They're making tracks.
Since the New Hampshire Rail Transit Authority formed a year ago, more progress has been made in extending rail service to the state than in the past 20 years combined, according to Vice Chairman Steve Williams.
"In the last two to three years, rapid run-up of gas prices and sort of no end in sight has really told the public and our decisionmakers that we need to be offering alternative forms of transportation," he said.
But to make it happen, Williams said, a long list of people need to be in agreement on a plan, including Massachusetts and New Hampshire state legislators, governors, affected municipalities, Congress, private railroads and the Massachusetts Bay Transit Authority.
Williams said that is beginning to happen and once agreement is reached the issues of tracks and funding should resolve quickly.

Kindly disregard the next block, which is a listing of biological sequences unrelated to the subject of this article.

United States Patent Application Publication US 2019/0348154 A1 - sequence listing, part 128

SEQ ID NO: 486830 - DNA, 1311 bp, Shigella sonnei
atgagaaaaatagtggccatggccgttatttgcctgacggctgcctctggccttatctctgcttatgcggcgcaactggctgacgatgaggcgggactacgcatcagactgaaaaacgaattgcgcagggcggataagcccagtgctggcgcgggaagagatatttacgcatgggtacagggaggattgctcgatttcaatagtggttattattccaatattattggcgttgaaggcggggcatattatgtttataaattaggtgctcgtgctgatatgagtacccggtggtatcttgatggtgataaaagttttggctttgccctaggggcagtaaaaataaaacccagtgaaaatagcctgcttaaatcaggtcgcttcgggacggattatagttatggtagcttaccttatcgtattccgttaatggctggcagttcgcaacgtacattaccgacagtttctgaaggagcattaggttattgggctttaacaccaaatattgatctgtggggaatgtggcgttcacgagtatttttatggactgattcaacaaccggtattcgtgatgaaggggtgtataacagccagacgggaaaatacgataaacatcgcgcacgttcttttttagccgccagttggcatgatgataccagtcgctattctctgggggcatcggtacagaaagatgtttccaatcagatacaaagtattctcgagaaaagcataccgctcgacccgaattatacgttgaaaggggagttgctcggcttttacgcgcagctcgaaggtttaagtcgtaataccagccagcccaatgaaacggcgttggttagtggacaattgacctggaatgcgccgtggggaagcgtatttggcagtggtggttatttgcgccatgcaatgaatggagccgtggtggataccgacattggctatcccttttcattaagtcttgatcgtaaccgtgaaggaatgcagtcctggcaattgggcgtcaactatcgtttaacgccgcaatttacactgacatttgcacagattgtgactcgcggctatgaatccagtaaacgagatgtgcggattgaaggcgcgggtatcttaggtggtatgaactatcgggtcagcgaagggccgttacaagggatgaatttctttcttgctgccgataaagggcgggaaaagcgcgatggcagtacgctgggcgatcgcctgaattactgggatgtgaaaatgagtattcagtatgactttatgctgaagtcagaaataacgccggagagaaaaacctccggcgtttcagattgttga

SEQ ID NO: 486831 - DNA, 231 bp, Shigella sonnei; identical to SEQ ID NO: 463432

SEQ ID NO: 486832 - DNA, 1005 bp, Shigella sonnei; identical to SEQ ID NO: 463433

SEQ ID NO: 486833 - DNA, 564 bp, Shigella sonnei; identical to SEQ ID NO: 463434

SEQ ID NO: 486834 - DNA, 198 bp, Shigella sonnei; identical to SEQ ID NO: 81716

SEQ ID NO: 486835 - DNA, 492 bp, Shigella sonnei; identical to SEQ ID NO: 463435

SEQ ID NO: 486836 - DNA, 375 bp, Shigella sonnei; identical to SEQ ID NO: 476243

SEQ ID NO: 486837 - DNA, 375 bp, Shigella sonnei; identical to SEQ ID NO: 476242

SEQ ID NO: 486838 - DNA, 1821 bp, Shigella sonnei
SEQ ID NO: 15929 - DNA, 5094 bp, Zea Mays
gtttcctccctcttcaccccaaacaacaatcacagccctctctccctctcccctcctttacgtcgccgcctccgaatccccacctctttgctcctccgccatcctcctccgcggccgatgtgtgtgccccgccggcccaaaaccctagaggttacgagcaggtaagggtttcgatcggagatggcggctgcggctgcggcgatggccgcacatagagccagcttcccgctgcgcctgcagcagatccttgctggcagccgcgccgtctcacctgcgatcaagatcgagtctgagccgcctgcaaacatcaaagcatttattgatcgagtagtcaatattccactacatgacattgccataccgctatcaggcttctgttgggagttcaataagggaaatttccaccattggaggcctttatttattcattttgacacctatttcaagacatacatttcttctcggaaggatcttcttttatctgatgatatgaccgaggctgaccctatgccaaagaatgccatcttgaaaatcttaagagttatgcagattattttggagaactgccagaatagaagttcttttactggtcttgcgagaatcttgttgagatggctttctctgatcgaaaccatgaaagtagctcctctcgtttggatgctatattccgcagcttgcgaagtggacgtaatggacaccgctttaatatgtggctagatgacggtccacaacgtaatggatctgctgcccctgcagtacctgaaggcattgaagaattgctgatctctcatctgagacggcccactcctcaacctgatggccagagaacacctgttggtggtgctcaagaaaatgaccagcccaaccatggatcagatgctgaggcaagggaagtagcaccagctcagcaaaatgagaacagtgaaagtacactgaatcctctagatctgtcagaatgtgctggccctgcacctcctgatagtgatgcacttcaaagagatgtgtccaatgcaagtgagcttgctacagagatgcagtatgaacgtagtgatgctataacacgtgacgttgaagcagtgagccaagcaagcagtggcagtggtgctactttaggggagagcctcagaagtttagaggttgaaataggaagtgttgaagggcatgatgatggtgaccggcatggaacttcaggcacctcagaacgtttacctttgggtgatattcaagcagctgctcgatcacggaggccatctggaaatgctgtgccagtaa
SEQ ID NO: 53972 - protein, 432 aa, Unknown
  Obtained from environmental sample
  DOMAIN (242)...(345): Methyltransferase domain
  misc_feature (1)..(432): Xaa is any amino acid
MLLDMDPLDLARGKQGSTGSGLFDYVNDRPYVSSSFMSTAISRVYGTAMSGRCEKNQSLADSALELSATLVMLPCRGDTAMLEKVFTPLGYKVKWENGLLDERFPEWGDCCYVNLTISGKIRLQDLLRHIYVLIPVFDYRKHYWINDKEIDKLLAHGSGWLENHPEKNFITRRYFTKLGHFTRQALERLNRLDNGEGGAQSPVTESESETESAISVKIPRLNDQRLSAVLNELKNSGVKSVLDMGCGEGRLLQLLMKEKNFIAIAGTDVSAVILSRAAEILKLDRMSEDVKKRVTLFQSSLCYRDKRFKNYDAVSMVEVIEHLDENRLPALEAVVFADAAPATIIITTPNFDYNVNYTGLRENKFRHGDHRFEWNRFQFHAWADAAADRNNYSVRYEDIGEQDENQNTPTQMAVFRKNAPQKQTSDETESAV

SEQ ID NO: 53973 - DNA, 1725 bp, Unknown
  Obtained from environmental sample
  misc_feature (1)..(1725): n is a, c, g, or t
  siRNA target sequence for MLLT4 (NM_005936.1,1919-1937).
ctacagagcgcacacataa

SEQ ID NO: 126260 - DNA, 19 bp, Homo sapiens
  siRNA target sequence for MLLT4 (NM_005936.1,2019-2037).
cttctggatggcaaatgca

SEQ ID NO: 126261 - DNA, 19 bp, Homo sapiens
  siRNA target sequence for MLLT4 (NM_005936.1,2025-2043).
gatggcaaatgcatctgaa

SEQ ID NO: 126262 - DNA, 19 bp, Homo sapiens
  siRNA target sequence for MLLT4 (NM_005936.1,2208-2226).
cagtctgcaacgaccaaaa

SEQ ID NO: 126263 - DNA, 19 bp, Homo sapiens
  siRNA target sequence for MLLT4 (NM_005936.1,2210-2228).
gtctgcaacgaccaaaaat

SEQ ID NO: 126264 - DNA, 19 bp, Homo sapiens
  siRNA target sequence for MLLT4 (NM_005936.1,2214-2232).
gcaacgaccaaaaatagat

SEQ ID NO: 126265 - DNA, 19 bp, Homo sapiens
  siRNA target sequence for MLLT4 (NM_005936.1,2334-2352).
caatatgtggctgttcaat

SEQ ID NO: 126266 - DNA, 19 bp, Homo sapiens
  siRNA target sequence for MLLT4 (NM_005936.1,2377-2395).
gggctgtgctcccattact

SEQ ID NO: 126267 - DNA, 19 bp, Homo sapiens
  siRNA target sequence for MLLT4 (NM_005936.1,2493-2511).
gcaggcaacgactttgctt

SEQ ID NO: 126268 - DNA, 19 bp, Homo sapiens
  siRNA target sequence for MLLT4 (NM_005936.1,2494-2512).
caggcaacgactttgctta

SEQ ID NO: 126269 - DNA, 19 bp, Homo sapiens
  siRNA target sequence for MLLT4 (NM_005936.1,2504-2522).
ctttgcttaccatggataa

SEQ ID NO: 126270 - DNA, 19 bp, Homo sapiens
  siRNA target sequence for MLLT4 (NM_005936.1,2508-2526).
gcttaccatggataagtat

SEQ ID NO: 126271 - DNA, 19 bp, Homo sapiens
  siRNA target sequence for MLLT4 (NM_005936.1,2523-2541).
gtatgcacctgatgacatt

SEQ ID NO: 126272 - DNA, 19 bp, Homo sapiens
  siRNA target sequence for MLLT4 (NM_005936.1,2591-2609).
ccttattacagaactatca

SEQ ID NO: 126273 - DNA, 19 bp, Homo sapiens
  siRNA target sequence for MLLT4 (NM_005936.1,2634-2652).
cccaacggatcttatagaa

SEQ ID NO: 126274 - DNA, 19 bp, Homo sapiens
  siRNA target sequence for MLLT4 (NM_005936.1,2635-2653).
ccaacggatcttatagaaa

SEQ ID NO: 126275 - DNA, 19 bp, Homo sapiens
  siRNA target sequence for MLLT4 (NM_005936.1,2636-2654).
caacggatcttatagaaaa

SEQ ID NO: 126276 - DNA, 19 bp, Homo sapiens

The need for commuter rail service is ever increasing, as can be seen by examining the ridership numbers of the Haverhill to Boston line. On Oct. 18, 2007, the MBTA registered 5,144 riders — up from 4,984 just four months earlier. Of those riders, 543 rode inbound from Haverhill, 445 got on in Bradford, 667 took the train from Lawrence and another 614 in Andover.
Tony Komornick, transportation program manager for the Haverhill Regional Planning Commission, said when more parking spaces opened in Lawrence, there was a large spike in the number of riders at that stop. But the increase leveled right away, possibly because taking the train wasn't as convenient as people first thought, he said.
The planning commission has been lobbying to improve service in the Merrimack Valley for years by adding a piece of missing track from Andover to Reading, Komornick said. Right now, only one train can run at a time through that area, not enough for the commuter rail, the Downeaster and freight trains to share.